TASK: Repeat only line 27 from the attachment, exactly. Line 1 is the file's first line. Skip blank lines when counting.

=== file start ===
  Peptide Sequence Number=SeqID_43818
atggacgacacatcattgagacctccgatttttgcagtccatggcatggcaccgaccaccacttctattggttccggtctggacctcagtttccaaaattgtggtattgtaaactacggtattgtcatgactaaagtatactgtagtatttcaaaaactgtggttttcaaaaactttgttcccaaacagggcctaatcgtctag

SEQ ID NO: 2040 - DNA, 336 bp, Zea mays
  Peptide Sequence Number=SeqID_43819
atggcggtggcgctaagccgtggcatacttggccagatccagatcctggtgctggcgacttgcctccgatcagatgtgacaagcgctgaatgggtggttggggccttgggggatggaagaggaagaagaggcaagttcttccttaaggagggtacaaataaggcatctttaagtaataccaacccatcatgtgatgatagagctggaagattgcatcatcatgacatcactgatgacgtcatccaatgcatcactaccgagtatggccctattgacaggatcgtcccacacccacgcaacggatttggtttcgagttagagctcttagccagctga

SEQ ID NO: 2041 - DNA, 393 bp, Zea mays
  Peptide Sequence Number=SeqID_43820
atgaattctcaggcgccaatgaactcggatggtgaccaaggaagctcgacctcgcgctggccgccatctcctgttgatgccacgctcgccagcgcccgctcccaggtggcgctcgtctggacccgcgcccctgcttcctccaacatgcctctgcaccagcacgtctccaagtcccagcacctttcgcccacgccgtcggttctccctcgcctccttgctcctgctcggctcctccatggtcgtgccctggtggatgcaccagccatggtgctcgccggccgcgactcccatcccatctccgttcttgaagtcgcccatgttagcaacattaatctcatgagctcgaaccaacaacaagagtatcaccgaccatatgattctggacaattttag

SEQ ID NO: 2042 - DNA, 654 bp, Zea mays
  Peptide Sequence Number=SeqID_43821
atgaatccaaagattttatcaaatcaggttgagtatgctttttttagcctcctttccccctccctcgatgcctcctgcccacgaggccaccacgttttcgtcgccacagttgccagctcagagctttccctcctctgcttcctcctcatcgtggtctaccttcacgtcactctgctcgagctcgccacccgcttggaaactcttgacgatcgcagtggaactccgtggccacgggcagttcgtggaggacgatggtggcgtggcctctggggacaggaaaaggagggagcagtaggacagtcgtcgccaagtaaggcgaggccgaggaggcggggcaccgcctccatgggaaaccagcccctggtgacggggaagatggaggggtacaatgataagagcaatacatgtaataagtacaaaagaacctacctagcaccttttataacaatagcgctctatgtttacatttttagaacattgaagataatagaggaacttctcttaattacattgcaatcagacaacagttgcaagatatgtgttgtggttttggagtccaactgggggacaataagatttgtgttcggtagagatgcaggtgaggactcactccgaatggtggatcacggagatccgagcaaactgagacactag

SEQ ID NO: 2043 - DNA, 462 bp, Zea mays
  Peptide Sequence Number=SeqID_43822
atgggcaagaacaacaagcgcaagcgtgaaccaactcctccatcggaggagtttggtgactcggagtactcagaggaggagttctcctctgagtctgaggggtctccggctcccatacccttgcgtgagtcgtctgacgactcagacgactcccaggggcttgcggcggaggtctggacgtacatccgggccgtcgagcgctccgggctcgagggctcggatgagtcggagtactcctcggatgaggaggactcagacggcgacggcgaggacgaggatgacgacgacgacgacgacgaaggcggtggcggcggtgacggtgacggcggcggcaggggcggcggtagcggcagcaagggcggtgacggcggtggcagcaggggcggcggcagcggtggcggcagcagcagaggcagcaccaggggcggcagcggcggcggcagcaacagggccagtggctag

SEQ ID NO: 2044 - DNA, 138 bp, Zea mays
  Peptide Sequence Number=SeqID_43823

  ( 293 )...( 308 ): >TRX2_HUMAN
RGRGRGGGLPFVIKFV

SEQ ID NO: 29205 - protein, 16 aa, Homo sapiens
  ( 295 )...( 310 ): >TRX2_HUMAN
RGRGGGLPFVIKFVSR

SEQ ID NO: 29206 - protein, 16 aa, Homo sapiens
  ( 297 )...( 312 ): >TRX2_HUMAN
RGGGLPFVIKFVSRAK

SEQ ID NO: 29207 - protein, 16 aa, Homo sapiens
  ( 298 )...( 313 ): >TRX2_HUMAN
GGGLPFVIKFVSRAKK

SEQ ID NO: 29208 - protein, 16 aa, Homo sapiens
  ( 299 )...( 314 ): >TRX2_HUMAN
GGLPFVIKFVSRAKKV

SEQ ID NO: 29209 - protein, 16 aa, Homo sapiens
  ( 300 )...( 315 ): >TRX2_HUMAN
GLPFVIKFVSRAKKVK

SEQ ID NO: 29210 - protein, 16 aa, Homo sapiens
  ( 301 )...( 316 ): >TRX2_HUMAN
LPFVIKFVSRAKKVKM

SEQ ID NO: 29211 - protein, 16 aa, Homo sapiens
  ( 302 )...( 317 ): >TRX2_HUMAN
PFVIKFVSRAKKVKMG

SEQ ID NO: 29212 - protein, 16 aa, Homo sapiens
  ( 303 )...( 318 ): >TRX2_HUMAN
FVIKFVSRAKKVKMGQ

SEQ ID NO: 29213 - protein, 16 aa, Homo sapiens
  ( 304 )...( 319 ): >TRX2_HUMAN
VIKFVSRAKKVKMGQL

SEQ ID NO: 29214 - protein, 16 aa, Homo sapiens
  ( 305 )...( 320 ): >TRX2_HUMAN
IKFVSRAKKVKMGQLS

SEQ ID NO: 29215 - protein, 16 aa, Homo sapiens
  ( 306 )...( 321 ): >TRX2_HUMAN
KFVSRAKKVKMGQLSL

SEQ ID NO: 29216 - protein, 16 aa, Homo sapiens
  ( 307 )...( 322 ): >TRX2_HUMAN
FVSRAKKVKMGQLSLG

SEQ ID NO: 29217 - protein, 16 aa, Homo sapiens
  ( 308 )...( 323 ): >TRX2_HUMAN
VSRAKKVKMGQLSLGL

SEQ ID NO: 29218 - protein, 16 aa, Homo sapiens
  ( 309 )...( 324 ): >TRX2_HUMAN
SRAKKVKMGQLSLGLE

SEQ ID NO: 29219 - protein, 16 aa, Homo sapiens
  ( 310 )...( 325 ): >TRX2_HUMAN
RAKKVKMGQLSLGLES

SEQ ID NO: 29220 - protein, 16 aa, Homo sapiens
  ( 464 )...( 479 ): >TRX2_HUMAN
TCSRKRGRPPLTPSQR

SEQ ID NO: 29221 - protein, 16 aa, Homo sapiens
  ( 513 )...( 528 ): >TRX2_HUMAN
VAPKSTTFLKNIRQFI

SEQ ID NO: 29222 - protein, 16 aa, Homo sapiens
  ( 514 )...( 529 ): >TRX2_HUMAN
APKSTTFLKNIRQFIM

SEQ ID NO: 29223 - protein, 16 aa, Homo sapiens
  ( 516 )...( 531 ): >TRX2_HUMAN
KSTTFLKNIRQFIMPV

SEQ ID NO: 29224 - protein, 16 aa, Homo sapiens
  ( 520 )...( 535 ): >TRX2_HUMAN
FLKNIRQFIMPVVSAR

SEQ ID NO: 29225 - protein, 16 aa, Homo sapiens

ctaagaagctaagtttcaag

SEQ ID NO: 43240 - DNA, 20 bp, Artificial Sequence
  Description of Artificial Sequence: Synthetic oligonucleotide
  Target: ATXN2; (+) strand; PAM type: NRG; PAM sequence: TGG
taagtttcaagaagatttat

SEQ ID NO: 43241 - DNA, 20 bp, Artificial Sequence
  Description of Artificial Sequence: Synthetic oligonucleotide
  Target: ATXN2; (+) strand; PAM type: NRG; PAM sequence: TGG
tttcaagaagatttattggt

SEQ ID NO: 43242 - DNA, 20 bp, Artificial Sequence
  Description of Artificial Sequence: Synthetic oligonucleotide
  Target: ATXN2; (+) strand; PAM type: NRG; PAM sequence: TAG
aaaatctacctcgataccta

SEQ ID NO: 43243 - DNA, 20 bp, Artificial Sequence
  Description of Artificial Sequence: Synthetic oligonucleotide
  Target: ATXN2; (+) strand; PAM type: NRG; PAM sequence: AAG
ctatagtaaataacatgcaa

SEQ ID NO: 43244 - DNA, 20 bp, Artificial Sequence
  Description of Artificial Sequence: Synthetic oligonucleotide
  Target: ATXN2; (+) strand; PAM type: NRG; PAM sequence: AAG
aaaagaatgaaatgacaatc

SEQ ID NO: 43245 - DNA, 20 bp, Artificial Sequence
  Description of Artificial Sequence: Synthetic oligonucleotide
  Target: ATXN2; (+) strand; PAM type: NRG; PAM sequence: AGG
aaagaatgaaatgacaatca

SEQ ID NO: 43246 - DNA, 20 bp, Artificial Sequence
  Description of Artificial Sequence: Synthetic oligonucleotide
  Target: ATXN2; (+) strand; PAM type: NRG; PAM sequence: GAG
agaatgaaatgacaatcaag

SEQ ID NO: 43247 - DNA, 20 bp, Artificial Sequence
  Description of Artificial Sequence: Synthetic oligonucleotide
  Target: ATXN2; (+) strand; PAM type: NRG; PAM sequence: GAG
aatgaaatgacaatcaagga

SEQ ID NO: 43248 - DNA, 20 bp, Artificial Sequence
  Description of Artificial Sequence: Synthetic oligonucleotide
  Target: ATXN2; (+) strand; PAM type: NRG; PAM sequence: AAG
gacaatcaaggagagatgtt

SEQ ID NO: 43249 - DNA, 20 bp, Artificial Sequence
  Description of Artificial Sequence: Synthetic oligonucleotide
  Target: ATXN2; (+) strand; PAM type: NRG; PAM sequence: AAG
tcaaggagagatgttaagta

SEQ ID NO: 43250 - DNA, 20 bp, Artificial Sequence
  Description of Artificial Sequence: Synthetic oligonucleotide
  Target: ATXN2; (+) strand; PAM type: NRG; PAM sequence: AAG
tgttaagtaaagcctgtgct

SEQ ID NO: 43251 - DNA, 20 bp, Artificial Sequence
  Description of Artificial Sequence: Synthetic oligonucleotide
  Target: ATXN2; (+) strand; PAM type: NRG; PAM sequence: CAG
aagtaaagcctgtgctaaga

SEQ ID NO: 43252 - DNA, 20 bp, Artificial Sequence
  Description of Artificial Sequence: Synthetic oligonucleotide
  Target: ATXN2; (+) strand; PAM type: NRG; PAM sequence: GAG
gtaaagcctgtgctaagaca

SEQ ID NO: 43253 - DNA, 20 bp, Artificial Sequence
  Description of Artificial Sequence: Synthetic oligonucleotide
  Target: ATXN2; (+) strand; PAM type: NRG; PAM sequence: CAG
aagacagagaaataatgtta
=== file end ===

GGGLPFVIKFVSRAKK